5. UsefulInfo.jpg Note: Only include tasks that you want website users to perform from personal pages or profile displays that include the User Link Module part. When you select a task, website users can access the task from those pages. However, tasks only appear if the website users have rights to perform the tasks on the user networking site.
  6. Select other tabs to make further edits/updates as required, then click Save.

User Login

To control the areas users can access on your website, create a User Login part. When a user logs in, the user login determines the roles that the user belongs to and the features that the user has security rights to access.

You can create separate login parts for any subsites you create. For example, you may have a subsite for chapters or schools.

From the part, you can also enable social media to allow new users to register with their social network login.

When you use the social media login option, you can indicate where to display the social media icons on login forms.

You can add forms for new user registrations and forgotten logins. You can also create emails to acknowledge registrations, provide forgotten usernames, and provide links to reset passwords.

Multiple users can use the same email address when they sign up for your site. This makes it easy for an entire family to sign up for a fundraiser or other event. If a family shares an email address and one user forgets a password or username, the reminder email contains all usernames associated with that email address. The password reset link connects to a page where the user can select the username that needs a new password.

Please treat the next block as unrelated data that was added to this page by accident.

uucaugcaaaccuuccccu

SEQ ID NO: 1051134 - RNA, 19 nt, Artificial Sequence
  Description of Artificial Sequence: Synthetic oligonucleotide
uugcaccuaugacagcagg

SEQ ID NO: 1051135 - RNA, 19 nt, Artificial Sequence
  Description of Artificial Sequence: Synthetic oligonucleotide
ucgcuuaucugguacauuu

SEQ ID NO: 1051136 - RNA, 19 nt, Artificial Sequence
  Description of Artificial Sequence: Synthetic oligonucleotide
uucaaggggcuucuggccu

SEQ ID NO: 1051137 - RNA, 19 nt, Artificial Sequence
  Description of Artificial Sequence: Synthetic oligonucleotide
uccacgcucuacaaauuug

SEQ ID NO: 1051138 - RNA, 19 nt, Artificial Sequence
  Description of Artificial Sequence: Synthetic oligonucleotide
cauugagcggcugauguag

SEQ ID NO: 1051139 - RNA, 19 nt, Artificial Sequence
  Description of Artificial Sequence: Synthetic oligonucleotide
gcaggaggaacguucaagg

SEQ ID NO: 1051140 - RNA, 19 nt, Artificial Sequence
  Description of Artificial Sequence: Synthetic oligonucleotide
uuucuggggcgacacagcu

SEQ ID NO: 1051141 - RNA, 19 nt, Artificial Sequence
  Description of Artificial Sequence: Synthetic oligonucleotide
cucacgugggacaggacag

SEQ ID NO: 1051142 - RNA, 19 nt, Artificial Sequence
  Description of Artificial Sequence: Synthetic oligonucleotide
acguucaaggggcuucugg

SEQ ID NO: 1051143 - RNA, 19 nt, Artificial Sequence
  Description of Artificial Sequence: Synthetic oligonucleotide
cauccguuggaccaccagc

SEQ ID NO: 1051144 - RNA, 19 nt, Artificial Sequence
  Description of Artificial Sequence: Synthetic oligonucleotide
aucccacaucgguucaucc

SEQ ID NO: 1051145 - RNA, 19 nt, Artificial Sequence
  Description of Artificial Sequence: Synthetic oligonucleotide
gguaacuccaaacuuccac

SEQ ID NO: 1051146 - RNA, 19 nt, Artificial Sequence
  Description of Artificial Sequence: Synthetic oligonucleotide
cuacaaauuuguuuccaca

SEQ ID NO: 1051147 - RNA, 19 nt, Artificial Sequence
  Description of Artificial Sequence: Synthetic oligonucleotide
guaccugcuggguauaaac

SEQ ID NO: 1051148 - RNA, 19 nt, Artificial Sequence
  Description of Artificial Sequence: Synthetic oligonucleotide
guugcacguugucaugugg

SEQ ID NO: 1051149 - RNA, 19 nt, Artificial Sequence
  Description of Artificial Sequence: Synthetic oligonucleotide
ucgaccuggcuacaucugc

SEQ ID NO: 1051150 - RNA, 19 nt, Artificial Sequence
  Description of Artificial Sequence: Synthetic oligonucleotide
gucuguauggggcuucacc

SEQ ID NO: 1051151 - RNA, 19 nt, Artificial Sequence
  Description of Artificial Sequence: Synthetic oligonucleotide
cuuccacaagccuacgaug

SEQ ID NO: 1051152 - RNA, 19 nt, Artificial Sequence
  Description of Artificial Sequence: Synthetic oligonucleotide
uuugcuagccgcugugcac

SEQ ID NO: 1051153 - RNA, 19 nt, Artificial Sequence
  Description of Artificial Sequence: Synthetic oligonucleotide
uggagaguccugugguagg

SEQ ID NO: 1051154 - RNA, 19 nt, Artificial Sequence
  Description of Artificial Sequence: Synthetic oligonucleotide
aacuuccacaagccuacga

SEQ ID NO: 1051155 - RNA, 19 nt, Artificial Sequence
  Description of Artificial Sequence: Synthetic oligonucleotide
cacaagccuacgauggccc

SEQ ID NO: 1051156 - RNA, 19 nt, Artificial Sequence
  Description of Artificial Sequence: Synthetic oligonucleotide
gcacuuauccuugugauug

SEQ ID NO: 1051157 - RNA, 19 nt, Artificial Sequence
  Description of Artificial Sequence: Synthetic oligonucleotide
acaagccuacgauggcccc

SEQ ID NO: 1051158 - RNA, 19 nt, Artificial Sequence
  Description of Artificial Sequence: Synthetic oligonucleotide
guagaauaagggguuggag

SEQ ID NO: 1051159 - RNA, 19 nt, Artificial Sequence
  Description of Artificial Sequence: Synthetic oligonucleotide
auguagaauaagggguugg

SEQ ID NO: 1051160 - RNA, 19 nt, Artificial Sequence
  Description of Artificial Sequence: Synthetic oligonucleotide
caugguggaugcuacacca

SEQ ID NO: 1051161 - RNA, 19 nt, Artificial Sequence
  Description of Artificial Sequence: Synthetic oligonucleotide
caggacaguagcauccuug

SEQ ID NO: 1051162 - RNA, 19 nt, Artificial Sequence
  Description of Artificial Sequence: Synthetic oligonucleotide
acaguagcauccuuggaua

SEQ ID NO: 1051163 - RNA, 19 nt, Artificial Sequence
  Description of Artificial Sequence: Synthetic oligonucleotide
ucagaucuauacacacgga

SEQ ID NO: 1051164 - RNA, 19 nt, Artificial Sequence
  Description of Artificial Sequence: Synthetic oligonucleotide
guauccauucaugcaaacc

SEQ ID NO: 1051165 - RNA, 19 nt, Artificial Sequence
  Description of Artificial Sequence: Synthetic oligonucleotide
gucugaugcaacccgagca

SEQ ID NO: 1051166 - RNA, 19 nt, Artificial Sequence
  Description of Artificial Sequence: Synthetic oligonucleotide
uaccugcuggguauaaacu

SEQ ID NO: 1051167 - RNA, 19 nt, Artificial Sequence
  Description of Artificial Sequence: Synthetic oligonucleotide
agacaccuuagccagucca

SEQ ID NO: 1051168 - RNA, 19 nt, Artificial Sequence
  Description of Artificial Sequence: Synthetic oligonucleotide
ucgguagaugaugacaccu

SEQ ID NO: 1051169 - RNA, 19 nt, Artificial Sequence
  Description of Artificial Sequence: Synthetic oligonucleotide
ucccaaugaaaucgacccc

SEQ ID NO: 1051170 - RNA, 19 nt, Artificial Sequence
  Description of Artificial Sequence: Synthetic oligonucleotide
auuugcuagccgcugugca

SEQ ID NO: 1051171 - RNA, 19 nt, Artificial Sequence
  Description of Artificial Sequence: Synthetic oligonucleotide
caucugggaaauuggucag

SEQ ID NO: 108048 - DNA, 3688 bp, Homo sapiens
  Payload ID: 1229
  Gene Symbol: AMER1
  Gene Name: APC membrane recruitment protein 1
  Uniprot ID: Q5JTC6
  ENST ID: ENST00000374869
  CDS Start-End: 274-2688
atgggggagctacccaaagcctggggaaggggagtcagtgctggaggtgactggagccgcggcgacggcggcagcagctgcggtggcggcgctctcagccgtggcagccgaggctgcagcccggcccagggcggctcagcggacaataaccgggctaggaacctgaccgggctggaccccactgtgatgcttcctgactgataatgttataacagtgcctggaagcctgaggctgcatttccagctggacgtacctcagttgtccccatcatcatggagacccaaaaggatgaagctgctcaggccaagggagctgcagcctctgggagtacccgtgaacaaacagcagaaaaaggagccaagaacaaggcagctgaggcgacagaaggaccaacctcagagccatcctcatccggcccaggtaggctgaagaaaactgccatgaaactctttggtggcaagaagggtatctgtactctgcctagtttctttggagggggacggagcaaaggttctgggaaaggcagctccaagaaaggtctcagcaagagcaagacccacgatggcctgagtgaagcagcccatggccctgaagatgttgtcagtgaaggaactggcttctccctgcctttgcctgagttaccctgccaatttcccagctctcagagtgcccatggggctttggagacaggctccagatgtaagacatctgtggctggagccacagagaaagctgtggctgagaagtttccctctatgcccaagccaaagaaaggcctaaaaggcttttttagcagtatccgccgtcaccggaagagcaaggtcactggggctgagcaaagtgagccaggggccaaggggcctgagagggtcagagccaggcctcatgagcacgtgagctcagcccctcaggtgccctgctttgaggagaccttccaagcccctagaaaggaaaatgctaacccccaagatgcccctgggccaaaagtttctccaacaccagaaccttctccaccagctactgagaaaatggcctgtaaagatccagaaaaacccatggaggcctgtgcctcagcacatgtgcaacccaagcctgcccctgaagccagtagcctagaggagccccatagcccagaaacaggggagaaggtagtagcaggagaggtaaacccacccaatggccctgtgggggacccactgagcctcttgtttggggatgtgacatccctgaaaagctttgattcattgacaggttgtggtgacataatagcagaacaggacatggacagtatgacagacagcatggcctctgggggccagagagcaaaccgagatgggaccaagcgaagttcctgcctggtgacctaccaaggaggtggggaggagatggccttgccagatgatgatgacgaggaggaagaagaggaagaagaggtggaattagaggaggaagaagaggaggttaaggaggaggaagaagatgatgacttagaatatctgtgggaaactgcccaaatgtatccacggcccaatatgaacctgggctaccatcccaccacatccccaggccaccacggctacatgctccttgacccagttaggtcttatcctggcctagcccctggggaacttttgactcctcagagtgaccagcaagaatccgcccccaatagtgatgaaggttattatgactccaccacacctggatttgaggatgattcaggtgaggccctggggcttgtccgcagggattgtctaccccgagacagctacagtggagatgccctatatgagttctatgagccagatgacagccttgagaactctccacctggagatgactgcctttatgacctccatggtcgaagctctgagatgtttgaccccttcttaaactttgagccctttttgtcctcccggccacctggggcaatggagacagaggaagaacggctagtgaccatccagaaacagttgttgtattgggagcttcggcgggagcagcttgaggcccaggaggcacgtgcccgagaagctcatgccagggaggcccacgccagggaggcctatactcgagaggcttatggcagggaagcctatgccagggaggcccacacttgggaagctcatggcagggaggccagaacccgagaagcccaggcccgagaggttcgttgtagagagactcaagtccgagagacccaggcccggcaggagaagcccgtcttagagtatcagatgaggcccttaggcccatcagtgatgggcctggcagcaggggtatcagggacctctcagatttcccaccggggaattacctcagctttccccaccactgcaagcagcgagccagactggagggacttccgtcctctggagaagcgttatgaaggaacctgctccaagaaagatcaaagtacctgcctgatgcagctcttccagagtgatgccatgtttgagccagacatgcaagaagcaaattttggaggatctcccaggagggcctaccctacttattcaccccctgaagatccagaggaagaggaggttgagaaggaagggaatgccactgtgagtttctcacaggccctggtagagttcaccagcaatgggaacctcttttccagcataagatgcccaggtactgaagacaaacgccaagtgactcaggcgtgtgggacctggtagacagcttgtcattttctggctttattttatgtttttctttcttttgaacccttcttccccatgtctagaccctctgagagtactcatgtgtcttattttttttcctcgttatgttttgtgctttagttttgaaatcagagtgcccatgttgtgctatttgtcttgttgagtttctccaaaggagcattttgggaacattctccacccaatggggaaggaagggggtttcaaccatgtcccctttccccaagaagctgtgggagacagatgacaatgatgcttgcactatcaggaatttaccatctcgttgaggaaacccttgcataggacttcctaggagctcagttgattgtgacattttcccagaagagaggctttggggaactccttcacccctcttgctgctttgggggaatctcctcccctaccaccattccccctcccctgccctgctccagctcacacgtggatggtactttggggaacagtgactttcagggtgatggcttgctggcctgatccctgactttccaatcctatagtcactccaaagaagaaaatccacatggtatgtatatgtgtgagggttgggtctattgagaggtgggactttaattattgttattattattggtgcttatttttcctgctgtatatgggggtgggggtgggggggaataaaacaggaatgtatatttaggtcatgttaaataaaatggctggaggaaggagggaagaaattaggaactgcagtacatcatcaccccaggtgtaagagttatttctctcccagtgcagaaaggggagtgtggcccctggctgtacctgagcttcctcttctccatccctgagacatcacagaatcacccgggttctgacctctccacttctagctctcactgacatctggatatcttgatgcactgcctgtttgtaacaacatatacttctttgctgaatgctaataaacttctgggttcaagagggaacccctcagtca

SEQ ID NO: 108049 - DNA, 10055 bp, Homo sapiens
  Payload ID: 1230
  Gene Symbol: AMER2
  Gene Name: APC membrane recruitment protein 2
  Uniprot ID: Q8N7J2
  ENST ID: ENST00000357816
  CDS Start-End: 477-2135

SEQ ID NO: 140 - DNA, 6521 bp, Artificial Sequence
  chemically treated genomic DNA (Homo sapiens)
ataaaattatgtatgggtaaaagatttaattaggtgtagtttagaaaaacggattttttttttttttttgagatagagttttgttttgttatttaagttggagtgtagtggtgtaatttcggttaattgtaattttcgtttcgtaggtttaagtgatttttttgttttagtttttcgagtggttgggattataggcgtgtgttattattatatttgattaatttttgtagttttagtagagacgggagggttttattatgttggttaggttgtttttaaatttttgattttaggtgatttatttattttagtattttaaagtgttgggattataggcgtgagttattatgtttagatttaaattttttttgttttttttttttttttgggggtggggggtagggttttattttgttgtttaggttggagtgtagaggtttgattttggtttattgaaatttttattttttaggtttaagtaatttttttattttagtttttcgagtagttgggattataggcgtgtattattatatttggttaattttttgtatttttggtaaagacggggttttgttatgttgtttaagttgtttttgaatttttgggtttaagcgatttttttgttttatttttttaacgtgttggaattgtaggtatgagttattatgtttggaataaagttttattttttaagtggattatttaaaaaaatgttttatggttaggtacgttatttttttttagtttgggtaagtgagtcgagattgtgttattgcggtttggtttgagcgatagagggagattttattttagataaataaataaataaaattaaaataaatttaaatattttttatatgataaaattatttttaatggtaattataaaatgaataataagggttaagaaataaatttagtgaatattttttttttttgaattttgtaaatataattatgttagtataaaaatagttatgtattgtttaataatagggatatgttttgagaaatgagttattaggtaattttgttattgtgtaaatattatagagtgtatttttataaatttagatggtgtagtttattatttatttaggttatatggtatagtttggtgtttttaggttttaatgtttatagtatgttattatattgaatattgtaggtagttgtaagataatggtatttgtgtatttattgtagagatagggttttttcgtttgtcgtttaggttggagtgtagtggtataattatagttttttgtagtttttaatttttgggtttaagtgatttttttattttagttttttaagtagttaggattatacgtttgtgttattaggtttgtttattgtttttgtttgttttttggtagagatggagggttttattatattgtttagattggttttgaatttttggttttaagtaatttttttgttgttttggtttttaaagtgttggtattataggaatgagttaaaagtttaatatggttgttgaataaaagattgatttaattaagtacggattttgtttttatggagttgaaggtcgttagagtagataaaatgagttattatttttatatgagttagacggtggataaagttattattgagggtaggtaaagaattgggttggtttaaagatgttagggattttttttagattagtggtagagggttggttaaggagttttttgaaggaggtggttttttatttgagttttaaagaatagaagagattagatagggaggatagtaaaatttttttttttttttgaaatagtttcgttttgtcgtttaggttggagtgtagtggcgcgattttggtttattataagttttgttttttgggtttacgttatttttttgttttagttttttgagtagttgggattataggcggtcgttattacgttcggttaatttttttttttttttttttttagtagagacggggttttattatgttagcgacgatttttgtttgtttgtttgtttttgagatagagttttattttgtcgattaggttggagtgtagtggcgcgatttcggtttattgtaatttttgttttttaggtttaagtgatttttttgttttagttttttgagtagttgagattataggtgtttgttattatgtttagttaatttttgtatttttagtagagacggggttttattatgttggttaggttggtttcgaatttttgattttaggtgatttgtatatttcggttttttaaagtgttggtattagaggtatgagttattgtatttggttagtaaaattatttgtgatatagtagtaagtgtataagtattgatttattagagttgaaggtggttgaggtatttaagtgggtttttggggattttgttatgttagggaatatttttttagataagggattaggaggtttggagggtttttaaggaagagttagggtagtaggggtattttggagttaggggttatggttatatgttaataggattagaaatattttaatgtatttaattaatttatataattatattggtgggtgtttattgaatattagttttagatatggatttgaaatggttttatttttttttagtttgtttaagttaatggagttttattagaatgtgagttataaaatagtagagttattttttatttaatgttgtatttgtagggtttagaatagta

UsefulInfo.jpg Note: When you have multiple websites, create multiple login pages to provide access to each site.

Design User Login

  1. On the Design tab, when you configure social media for third-party authentication with social networks such as Facebook and Twitter, Social website login appears with the Enable social website login checkbox. To enable social media options for the login, select the checkbox. Additional options appear.
  2. UsefulInfo.jpg Note: The Social website login option is not yet available in BBIS v3.0.

    ”Screenshot of social website logon page”


  3. Enter the sign in text to display for standard and social network login options.
  4. In the Social website sign in text field, enter the text to display above the social site icons.
  5. Under Display options, specify where to place the social site icons relative to the standard login fields.
  6. UsefulInfo.jpg Note: For more information about social media for third-party authentication, see the Blackbaud BBIS Administration Guide.
  7. Under Captions and properties, in the enabled column, select whether to include forms for new registrations or forgotten logins.
  8. ”Screenshot of captions and properties page”


    UsefulInfo.jpg Note: To change the caption for a form, select the Language tab.


    We recommend you clear New User Registration if you import records from DARS into the website. Imported users are registered automatically, so they do not need to register a second time with the User Login part. For information about how to import users, see the Blackbaud Users & Security Guide.